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Arthritis

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Arthritis is a condition where one or more joints become swollen or inflamed. It can affect the hips, elbows, knees, and neck.

There are two types of arthritis:

  1. Primary – Rheumatoid Arthritis: this is a progressive and uncommon disease where the immune system attacks healthy joints
  2. Secondary – Osteoarthritis: the cartilage around a joint gets damaged, so new bone forms around the joint. This has no cartilage protecting it, and causes stiffness and pain

CAUSES:

While arthritis normally affects older cats, and worsens with age, cats of any age can have it.

Primary:

  • Old age
  • Injury
  • Auto-immune diseases (the immune system attacks its own body)

Secondary:

  • Old age
  • Injury
  • Disease: hip dysplasia, ligament rupture, joint infection
  • Obesity

SIGNS:

  • Painful joints
  • Swollen joints
  • Joint stiffness
  • Lameness, taking longer to get to its feet, unable to jump or climb
  • Loss of appetite
  • Depression

DIAGNOSIS:

In order to properly diagnose your cat with arthritis, your veterinarian will begin with the following:

  • Review of medical history
  • Physical exam: flexing the joints and listening for abnormal joint sounds, as well as looking for swelling or heat in your cat’s limbs

You veterinarian may also perform the following tests:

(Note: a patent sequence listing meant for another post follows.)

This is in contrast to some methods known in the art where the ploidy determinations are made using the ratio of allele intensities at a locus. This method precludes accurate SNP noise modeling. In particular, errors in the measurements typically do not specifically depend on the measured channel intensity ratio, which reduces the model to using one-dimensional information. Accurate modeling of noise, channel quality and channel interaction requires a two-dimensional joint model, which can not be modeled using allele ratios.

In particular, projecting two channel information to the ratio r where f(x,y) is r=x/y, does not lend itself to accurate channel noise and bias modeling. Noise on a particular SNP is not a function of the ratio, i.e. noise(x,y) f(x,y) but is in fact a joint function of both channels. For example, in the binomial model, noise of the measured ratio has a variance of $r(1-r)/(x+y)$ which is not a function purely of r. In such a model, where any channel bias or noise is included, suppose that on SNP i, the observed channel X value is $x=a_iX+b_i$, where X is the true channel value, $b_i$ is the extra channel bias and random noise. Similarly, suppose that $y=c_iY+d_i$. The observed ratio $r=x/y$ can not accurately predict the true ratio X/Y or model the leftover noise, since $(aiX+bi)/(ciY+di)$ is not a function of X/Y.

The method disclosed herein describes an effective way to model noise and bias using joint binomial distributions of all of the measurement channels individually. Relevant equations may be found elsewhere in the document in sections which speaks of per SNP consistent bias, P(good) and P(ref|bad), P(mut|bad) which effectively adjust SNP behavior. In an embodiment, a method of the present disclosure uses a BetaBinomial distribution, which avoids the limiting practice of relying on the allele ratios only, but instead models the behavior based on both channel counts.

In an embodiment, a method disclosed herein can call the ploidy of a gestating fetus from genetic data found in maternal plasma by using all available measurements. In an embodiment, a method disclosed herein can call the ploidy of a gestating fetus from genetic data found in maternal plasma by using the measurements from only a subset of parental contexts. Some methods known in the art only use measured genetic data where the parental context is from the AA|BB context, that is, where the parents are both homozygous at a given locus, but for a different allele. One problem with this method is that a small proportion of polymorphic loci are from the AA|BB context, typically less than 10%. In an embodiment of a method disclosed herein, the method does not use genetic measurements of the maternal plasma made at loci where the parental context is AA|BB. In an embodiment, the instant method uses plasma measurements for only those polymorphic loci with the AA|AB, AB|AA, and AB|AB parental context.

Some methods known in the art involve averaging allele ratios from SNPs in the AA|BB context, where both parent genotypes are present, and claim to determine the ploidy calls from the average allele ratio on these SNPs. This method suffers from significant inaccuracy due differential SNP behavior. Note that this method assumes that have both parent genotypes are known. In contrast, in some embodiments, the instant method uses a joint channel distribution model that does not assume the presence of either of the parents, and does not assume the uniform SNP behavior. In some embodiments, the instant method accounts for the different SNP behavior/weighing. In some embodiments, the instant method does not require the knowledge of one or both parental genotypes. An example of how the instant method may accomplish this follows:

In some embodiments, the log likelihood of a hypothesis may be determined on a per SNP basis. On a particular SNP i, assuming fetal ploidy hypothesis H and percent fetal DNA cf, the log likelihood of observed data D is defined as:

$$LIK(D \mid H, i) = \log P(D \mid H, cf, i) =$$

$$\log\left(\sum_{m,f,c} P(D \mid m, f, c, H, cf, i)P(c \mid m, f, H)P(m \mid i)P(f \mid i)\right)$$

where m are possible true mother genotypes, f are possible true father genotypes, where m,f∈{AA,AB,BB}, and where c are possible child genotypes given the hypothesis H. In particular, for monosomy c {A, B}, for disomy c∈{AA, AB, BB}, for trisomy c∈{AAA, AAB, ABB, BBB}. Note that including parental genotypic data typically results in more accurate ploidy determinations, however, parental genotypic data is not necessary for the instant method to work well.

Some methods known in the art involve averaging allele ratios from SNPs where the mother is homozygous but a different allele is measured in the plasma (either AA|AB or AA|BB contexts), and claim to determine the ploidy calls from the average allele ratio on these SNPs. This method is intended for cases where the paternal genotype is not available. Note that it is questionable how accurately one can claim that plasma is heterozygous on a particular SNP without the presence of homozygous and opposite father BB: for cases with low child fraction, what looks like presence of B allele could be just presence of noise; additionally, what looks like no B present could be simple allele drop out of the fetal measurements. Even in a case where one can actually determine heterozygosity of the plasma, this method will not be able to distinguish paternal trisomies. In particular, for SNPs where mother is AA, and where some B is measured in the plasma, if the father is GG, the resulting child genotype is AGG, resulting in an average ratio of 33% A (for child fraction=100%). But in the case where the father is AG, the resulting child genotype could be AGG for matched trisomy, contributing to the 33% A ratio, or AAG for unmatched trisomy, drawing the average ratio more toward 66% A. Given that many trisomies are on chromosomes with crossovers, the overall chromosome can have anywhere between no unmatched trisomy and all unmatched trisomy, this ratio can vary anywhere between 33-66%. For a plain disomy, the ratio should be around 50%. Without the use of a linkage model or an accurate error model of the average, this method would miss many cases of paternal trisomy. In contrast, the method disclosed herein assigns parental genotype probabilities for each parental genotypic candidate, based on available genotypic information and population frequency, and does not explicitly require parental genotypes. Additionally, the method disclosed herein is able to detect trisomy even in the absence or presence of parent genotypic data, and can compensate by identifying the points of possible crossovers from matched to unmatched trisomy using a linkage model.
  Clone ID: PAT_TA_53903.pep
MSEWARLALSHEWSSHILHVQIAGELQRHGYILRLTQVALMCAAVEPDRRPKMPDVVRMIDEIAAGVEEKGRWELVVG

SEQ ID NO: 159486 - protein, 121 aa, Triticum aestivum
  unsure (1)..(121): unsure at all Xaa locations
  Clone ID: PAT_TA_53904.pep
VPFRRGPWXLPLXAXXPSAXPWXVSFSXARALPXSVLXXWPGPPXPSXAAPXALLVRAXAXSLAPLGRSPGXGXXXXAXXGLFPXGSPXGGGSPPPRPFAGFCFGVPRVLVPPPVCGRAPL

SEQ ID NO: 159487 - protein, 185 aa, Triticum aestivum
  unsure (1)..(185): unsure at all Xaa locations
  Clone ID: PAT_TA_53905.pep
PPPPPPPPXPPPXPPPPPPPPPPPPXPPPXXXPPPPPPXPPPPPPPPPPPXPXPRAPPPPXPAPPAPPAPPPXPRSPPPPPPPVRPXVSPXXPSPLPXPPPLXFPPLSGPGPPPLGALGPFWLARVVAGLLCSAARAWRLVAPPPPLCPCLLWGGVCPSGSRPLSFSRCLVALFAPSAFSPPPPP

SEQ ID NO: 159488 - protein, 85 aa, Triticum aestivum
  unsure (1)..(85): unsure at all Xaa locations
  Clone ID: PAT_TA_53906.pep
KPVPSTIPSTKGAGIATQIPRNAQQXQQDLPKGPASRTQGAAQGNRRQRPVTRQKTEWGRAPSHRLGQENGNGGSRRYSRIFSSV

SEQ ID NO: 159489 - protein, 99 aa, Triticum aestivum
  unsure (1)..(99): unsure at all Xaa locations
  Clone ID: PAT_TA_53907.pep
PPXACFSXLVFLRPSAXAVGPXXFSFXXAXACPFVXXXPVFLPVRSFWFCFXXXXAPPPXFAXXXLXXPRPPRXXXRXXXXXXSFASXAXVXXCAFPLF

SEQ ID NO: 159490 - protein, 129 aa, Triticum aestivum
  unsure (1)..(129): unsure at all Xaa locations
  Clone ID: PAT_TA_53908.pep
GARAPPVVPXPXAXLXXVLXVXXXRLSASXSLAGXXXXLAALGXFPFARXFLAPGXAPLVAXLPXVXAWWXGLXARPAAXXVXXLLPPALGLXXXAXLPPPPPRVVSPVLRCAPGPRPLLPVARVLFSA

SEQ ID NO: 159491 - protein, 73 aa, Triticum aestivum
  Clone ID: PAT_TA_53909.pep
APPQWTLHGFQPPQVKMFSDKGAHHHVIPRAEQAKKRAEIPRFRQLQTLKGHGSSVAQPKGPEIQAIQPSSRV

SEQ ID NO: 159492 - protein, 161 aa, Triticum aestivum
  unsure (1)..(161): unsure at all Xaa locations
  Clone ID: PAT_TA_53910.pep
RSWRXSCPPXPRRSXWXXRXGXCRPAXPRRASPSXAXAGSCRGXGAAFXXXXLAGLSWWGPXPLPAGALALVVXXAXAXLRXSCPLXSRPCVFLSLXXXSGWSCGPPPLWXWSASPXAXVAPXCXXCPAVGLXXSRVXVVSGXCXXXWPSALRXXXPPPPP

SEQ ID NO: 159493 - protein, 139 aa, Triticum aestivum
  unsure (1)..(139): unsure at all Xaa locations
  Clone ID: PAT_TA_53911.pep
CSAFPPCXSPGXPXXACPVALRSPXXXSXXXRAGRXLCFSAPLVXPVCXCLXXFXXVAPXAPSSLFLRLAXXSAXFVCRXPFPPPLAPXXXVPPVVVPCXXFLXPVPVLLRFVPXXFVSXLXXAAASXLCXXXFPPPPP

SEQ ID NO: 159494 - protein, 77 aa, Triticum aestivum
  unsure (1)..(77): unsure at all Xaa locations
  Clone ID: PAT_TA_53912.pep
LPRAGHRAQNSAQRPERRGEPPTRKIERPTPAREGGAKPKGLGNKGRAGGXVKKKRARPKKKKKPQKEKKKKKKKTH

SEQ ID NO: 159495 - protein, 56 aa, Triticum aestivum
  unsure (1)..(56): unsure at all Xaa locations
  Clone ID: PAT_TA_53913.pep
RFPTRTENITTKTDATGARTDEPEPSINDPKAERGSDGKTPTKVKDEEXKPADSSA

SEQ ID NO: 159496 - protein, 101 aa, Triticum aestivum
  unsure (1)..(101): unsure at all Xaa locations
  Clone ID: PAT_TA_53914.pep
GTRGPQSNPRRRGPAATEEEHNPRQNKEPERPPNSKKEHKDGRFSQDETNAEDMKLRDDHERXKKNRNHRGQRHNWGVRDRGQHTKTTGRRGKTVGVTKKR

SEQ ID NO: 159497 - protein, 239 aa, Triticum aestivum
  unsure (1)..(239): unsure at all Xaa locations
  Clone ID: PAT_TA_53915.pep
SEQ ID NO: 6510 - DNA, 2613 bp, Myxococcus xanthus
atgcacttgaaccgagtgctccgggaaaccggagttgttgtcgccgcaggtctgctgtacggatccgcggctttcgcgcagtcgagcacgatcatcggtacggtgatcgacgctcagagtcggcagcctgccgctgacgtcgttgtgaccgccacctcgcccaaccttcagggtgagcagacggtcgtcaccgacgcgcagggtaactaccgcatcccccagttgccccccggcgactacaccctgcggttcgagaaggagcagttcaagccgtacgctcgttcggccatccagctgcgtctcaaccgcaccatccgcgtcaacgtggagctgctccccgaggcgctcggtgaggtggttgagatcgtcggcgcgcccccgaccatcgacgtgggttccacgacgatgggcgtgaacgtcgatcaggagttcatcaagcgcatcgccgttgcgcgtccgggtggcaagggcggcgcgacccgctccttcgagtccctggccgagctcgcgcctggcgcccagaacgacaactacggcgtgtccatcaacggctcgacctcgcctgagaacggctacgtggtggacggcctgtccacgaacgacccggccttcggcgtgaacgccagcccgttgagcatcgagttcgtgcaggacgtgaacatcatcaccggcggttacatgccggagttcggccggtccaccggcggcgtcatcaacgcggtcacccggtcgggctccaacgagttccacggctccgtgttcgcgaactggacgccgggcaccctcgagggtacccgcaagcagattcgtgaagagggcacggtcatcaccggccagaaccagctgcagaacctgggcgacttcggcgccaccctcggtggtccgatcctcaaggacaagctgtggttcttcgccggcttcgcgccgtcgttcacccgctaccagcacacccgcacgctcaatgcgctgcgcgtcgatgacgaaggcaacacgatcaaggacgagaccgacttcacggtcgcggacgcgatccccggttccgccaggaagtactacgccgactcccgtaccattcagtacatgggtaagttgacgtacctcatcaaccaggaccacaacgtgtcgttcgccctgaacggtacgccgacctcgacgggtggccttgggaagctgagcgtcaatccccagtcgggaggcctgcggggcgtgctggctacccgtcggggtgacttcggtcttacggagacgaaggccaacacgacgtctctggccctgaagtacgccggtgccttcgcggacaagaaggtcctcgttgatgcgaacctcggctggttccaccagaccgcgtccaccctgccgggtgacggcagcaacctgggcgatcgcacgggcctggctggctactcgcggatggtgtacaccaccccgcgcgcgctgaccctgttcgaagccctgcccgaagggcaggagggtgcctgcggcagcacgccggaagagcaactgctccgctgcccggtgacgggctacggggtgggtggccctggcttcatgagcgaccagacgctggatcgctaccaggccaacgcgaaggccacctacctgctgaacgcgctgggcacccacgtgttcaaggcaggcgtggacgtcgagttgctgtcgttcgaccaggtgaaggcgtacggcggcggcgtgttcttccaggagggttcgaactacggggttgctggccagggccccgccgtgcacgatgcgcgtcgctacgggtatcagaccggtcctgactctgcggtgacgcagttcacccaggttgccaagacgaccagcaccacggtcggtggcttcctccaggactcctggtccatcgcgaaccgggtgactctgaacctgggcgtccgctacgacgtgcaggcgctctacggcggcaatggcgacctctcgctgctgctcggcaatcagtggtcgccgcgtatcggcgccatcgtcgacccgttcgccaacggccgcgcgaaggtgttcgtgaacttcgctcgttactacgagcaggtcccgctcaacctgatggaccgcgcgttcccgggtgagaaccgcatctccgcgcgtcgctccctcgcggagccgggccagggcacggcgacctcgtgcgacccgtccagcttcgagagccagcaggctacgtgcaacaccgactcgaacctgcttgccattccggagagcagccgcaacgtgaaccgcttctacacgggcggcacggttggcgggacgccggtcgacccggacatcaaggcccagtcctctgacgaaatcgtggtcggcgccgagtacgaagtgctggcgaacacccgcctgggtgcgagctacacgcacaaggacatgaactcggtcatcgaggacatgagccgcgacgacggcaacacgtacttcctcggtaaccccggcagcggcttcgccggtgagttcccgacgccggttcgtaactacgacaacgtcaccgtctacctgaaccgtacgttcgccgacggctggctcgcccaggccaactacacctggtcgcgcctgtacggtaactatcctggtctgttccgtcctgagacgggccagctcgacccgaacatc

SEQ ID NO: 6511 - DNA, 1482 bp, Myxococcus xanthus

• CBC blood test(complete blood count): measures the total amount of red and white blood cells in the body
  • X-rays of the affected areas: to determine the type of arthritis
  • Joint Tap: draining and studying joint fluid

TREATMENT:

The course of treatment depends mainly on what is causing the disease.

  • Infection: antibiotics and anti-inflammatory medications
  • Obesity: diet change

If treatments are not helping the pain:

  • Surgery: fragments of cartilage or bone in the joint can be removed to decrease swelling, and in extremely painful cases, the affected joint may be removed
  • Dietary supplements: stimulates new cartilage growth in the joints and can alleviate some discomfort
  • Veterinarian-developed exercise routine: too much exercise for an arthritic cat can cause severe pain; however, too little exercise will make your cat’s joints even stiffer
  • Medications: long-term steroids and anti-inflammatory use may alleviate the symptoms

PREVENTION:

There is no known prevention.

PROGNOSIS:

There is no cure for arthritis, but your veterinarian can give you treatment options so you cat can live a comfortable life. You should pay attention to your cat’s movements, as catching arthritis early leaves more options for your cat to live comfortably.

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Phone: 718-752-1488
FAX: 718-752-1499
Email: 36aveanimalclinic@gmail.com

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  • 25-33 36 Ave 1st Floor
  • Long Island City, New York 11106


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